Rookie kicker competes with mental edge

GLENDALE, Ariz. -- These are the times Morten Andersen was talking about.

The moments that can make or break your career as a kicker in the NFL.

But Andersen, one of the most prolific kickers in league history, spent three years preparing Cardinals rookie Chandler Catanzaro to manage this moment with his mind, learning how to control it, calm it, clear it. It started paying off Saturday.

“He came to me with a need to become more consistent and to put his mental game in order so he was able to control things a little better,” Andersen said. “Not to be so down when something distasteful happened and being able to have good coping skills if something went bad; something always happens that’s challenging.

“You’re never perfect. How do you manage that? How do you manage that behavior?”

The fourth day of training camp started off normally for Catanzaro, the record-setting kicker from Clemson. He was perfect, hitting his first three kicks at practice, continuing his torrid pace to unseat incumbent kicker Jay Feely. Then he lined up at the 41-yard line.

The snap from Mike Leach came, Dave Zastudil lined it up and instead of a booming, accelerating kick off Catanzaro’s right foot came an end-over-end boot that missed. His next kick, from 47 yards, went off the right post. And the next missed again to the right. Catanzaro took some solace in hitting his final two kicks, but for the first time in training camp he had deal with the mental side of the job.

“If you’re fearful it’s not going to be good,” Catanzaro said. “You got to have the mind for it as a kicker. You got to like that stage. You got to embrace it and embrace all the emotion and adrenaline and put it through the pipes for the team.

“They’re counting on you and as a kicker you got to be a solid rock out there. That’s what I’ve tried to be so far.”

Catanzaro has missed three in a row twice now; the first came last spring. After Catanzaro walked off the field, Arizona’s special team’s coordinator Amos Jones pulled him aside and, while the two huddled over a water cooler, Jones reassured the rookie that missing field goals wasn’t bad if he could bounce back.

He’s gone through his makes and misses during the first two weeks of camp. While Jones won’t use it as excuse, he pointed out that Catanzaro and Feely alternate practice kicks and said fatigue is bound to set in at some point.

Catanzaro showed what he is capable of Saturday night against the Houston Texans in Arizona’s preseason opener. He was prefect on field goals, hitting from 32, 28 and 25. And, despite not doing it in college, Catanzaro also handled kicking off. He had two touchbacks and the Texans’ average starting position on the five kickoffs they returned was their own 13-yard line.

“The kickoffs were the thing that is most impressive,” Cardinals coach Bruce Arians said.

“They were trying to return them and anytime you start behind the 15-yard line you know you had a great kick.”

Catanzaro may not be given a chance to kick in a preseason game again until the finale in San Diego. Arians said Monday he wants each kicker to play indoors and outdoors during the preseason. Regardless of when he kicks next, Catanzaro’s outing Saturday put the pressure on the veteran Feely.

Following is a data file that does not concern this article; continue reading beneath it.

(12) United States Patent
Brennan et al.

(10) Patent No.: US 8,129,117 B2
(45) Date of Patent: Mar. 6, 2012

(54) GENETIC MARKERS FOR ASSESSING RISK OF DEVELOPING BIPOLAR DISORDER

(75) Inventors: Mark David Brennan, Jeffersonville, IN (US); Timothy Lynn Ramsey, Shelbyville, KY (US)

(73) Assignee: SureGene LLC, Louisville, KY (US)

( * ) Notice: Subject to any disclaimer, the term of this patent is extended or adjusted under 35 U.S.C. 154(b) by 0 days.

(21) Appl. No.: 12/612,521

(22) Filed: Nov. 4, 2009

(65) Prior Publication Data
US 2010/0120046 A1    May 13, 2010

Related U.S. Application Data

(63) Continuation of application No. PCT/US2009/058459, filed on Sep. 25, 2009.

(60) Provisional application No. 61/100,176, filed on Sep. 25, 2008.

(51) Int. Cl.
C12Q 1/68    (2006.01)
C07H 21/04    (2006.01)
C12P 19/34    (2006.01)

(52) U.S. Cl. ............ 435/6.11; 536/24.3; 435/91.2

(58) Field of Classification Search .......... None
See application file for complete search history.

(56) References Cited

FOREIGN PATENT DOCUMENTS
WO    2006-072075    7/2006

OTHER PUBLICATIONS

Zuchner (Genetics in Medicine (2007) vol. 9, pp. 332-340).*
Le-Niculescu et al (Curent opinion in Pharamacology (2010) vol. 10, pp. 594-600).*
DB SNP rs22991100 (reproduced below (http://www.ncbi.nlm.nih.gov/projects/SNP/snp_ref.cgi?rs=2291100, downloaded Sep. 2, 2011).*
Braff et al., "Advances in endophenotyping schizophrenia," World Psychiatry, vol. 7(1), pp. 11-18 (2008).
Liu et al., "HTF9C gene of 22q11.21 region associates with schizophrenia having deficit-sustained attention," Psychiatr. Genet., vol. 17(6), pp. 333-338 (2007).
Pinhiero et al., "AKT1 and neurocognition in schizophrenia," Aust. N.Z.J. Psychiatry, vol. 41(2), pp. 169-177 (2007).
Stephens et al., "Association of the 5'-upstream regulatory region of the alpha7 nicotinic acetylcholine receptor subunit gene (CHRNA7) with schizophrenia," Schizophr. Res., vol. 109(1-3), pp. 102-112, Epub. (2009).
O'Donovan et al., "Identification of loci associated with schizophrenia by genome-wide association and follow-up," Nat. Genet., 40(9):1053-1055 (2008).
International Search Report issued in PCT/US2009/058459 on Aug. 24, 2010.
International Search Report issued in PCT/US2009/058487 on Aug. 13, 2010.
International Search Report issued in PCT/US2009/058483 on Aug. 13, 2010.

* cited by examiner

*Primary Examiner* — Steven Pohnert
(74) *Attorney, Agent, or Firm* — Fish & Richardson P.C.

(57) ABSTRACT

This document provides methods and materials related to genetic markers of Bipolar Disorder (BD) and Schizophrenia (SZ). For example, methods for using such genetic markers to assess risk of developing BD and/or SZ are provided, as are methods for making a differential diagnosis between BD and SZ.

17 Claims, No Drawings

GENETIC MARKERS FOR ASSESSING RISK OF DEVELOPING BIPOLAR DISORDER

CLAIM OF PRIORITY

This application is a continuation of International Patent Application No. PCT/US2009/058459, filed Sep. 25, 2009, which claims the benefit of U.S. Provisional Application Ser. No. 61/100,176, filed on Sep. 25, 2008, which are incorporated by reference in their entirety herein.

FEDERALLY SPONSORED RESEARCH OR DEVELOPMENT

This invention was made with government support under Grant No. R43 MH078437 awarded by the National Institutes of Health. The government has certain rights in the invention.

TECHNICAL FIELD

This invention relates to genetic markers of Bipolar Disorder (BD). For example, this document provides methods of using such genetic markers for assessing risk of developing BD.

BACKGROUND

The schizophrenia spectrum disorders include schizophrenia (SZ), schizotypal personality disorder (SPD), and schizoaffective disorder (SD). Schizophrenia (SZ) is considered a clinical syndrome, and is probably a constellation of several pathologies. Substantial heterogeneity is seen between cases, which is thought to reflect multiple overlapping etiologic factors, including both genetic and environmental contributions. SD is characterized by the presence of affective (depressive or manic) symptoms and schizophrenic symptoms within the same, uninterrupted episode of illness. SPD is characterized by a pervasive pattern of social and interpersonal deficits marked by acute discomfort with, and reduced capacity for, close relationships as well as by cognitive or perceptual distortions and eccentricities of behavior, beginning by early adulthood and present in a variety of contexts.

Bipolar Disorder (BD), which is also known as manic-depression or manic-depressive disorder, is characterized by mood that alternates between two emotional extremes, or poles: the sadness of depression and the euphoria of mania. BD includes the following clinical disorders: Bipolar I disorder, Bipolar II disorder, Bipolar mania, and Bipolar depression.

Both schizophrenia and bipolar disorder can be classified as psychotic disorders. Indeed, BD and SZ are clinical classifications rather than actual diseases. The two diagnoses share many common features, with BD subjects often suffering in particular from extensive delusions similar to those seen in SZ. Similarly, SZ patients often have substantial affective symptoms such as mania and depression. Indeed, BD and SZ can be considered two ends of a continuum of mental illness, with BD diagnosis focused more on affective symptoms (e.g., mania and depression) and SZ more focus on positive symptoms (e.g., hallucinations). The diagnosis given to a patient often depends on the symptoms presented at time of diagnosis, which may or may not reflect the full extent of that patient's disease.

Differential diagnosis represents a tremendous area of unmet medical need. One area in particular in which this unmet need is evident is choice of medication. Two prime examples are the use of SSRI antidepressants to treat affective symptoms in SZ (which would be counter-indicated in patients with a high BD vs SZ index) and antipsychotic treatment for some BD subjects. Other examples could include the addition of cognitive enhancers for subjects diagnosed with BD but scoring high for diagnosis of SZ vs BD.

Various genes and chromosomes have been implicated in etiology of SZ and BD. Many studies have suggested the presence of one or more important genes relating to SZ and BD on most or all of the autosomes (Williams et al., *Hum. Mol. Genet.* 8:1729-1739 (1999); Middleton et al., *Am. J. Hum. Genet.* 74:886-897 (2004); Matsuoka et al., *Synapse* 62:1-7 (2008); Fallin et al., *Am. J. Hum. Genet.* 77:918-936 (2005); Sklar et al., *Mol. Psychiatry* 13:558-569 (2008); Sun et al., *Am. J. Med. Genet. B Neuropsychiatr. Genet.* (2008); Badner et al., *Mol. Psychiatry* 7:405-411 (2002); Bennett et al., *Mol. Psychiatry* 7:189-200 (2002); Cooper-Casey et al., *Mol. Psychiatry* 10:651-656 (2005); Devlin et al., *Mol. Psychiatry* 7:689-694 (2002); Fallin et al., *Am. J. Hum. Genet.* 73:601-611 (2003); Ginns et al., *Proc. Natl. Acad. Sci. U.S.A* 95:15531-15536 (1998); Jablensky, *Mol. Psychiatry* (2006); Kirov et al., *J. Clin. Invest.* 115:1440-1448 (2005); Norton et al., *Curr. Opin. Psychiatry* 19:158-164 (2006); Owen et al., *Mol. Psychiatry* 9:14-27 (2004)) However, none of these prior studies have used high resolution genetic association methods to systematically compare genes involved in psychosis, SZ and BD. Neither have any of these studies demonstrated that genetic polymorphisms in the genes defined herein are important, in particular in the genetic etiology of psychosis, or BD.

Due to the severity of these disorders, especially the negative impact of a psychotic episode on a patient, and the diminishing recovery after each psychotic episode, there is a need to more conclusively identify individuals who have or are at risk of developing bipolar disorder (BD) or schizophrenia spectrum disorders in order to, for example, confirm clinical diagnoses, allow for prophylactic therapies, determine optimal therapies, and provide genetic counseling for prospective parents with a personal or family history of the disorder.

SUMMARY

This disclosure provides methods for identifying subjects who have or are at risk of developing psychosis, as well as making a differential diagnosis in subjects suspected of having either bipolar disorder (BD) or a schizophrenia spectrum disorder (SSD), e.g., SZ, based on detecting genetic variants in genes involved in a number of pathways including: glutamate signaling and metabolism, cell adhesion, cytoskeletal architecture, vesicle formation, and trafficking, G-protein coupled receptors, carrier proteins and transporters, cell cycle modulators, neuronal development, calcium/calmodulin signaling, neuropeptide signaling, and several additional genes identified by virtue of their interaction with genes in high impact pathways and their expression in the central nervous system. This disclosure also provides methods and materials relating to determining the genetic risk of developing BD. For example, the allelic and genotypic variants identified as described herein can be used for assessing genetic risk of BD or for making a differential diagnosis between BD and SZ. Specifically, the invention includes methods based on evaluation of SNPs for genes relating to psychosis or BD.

When Catanzaro traveled to Atlanta three years ago for a two-day stay at the Morten Andersen Boot Camp, the former Saints, Falcons, Chiefs, Vikings and Giants kicker shared 25 years of kicking knowledge. During the camp, six visits since and countless pep talks, Andersen has installed a series of protocols that are geared to keeping Catanzaro focused.

When Andersen first started working with Catanzaro, he saw a natural talent but he didn’t see an edge.

“It’s so isolating in a way, you’re still depending on other people, but at the end of the day it’s your foot on ball that everybody remembers, so you need to take ownership of that,” Andersen said. “He’s got all the tools to become an NFL kicker, so that missing line back three years ago when I started working with him was the mental toughness because he’s so nice.”

For the last three years, Andersen has preached confidence to Catanzaro. He doesn’t need to talk the talk, he needs to let his feet walk the walk. Andersen has helped Catanzaro channel a meanness into his mental approach.

“I kinda think he developed his own style,” Andersen said. “I think when he kicks, he’s less nice than when he was. He kicks with purpose. He understands when he does something wrong he can fix it. Before he couldn’t and he was floundering.”

The last time Catanzaro was an underdog he didn’t have the mental strength he does now.

He was a preferred walk-on at Clemson and redshirted his freshman season. During that first fall, Tigers coach Dabo Swinney turned to the lanky kicker and dared him to end practice. All it would take is a 54-yard field goal.

“I think that kinda earned the respect and the trust of my teammates,” Catanzaro said. “They hoisted me up and everything. It was real cool. It was like a game winner.”

He went on to become Clemson’s all-time leading scorer. It didn't lead to him being drafted, although the Cardinals had their eye on Catanzaro sending Jones to Clemson to work him out before the draft.

But Catanzaro has been in this position before. He had to kick his way onto the field at Clemson, just like he’s trying to do in Glendale. During offseason workouts, he was given a chance to end practice just by hitting a field goal. He made it.

Sound familiar?